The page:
WASHINGTON (Heartland Newsfeed) — OfficeDepotMax and a California-based technical support software provider have agreed to settle allegations made by the Federal Trade Commission, citing the companies tricked Office Depot customers into buying millions of dollars’ worth of computer repair and technical support services by deceptively claiming their software had found malware on customer computers. The parties agreed to pay a total of $35 million in the settlement.
“Consumers have a hard enough time protecting their computers from malware, viruses, and other threats,” said FTC Chairman Joe Simons. “This case should send a strong message to companies that they will face stiff consequences if they use deception to trick consumers into buying costly services they may not need.”
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The FTC alleged in their complaint that Support.com and Office Depot worked together for nearly a decade, providing technical support services within its stores. The companies used PC Health Check, a software program, as a sales tool to convince consumers to purchase technical repair services from the combined OfficeDepotMax, the company which resulted from a 2013 merger of Office Depot and Office Max.
The companies marketed the program as part of a free “PC check-up” or tune-up service to improve computer performance, while scanning for viruses and other security threats. Support.com, who have received tens of millions of dollars in revenue during their partnership with Office Depot, performed the remote services following the purchase.
The complaint continued to allege that OfficeDepotMax made claims of false positives regarding malware on consumer computers, while the actual results were determined as a result of four questions, relying on affirmative responses at the beginning of the PC Health Check program. These questions included whether the computer was running slow, received virus or malware warnings, crashed often or presented pop-up ads or additional problems as a result of surfing the net.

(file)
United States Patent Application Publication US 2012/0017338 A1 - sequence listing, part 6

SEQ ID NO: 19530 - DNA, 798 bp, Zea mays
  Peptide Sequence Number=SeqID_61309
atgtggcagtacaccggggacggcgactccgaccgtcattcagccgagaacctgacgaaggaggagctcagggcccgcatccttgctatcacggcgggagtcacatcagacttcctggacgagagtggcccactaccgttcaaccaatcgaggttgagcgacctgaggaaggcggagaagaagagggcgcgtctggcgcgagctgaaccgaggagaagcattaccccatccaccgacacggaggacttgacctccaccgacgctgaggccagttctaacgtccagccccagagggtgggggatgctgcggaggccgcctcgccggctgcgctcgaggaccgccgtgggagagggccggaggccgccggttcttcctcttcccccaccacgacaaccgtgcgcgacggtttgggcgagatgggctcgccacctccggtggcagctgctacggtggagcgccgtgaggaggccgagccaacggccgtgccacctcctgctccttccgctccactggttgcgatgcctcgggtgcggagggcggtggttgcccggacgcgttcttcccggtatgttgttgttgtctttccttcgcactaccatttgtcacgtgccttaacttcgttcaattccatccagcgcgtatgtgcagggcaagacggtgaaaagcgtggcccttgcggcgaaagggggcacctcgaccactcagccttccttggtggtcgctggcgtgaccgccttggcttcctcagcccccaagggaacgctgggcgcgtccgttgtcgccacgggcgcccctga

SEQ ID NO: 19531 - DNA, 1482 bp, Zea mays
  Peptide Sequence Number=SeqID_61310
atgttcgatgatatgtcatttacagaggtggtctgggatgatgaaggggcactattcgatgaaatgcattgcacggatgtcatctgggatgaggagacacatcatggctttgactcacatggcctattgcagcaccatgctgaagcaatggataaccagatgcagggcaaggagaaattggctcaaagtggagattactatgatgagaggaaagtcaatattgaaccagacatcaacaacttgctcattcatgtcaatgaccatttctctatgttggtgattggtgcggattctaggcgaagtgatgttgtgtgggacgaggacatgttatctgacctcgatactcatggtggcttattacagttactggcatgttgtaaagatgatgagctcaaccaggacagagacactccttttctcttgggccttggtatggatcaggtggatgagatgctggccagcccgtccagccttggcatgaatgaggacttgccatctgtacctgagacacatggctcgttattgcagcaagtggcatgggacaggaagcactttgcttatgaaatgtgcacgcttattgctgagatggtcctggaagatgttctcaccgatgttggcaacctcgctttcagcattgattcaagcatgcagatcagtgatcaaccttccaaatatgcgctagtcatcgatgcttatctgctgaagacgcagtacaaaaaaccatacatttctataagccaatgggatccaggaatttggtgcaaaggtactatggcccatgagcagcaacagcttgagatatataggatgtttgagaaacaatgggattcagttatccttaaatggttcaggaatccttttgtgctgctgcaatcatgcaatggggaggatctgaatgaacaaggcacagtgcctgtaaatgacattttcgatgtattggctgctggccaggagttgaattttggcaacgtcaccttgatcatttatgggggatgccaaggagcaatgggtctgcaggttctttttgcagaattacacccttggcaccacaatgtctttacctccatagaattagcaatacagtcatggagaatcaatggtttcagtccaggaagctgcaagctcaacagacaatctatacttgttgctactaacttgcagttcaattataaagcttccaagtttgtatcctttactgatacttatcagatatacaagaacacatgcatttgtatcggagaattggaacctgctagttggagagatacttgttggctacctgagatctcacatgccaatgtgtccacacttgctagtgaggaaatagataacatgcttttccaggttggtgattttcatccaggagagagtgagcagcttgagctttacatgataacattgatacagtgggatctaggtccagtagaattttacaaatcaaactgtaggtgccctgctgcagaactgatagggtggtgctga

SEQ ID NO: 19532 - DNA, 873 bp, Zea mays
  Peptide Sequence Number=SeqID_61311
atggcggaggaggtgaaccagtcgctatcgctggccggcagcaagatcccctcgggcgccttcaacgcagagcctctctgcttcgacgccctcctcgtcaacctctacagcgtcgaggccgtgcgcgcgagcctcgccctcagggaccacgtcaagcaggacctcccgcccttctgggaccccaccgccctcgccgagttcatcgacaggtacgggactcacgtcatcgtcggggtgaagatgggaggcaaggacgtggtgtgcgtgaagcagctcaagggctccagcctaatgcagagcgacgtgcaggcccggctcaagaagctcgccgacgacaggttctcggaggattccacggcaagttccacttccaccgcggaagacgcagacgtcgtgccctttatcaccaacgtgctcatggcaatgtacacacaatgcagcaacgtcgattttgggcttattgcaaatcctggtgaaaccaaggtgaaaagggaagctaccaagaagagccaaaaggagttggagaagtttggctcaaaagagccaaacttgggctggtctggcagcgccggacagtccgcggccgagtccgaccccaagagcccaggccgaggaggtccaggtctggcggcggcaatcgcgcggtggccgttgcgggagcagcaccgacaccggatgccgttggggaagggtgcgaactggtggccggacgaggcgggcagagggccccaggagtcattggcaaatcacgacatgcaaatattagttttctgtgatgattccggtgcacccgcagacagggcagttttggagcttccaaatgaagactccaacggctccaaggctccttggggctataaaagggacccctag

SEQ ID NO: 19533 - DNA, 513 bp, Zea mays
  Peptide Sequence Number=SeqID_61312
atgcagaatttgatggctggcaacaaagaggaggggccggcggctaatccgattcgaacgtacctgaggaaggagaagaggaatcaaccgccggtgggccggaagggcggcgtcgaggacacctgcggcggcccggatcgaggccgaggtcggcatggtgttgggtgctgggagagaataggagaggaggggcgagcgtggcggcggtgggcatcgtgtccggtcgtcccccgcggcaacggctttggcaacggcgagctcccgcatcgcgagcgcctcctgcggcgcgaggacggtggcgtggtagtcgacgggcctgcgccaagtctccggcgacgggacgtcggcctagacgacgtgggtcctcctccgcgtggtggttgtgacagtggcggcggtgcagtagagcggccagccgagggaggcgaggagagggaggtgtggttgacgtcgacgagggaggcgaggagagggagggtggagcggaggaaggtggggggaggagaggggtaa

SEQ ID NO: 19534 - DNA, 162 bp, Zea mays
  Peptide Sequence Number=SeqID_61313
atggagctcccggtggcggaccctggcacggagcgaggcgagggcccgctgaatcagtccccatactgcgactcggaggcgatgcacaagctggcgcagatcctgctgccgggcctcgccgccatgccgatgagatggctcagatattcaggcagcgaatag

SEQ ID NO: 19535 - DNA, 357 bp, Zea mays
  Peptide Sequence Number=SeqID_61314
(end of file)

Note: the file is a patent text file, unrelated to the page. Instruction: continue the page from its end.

As a result of the false positive, the companies, without any due diligence, pushed technical services that were not needed, when the real result of the scans reflected no viruses or malware, services that would run in the amount of several hundred dollars to fix a problem that didn’t exist.
The complaint continues to allege that both companies were aware of the concerns and complaints about the program utilized since at least 2012. A cited example involved an OfficeMax employee who complained to corporate management stating, “I cannot justify lying to a customer or being TRICKED into lying to them for our store to make a few extra dollars.” Despite this and many internal warnings, OfficeDepotMax still continued to advertise and use the program until late 2016, persistently pushing store managers and employees to generate sales from the program.
A representative from the FTC stated that the allegations following an investigation which revealed both companies were in violation of the FTC Act, which prohibits deceptive practices in business.
The settlement prohibits OfficeDepotMax from making further misrepresentations about the security or performance of a consumer’s electronic device and requires the company to ensure its existing and future software providers not engage in such conduct. Support.com cannot make or provide others with misrepresentations about the performance or detection of security issues on consumer electronic devices.
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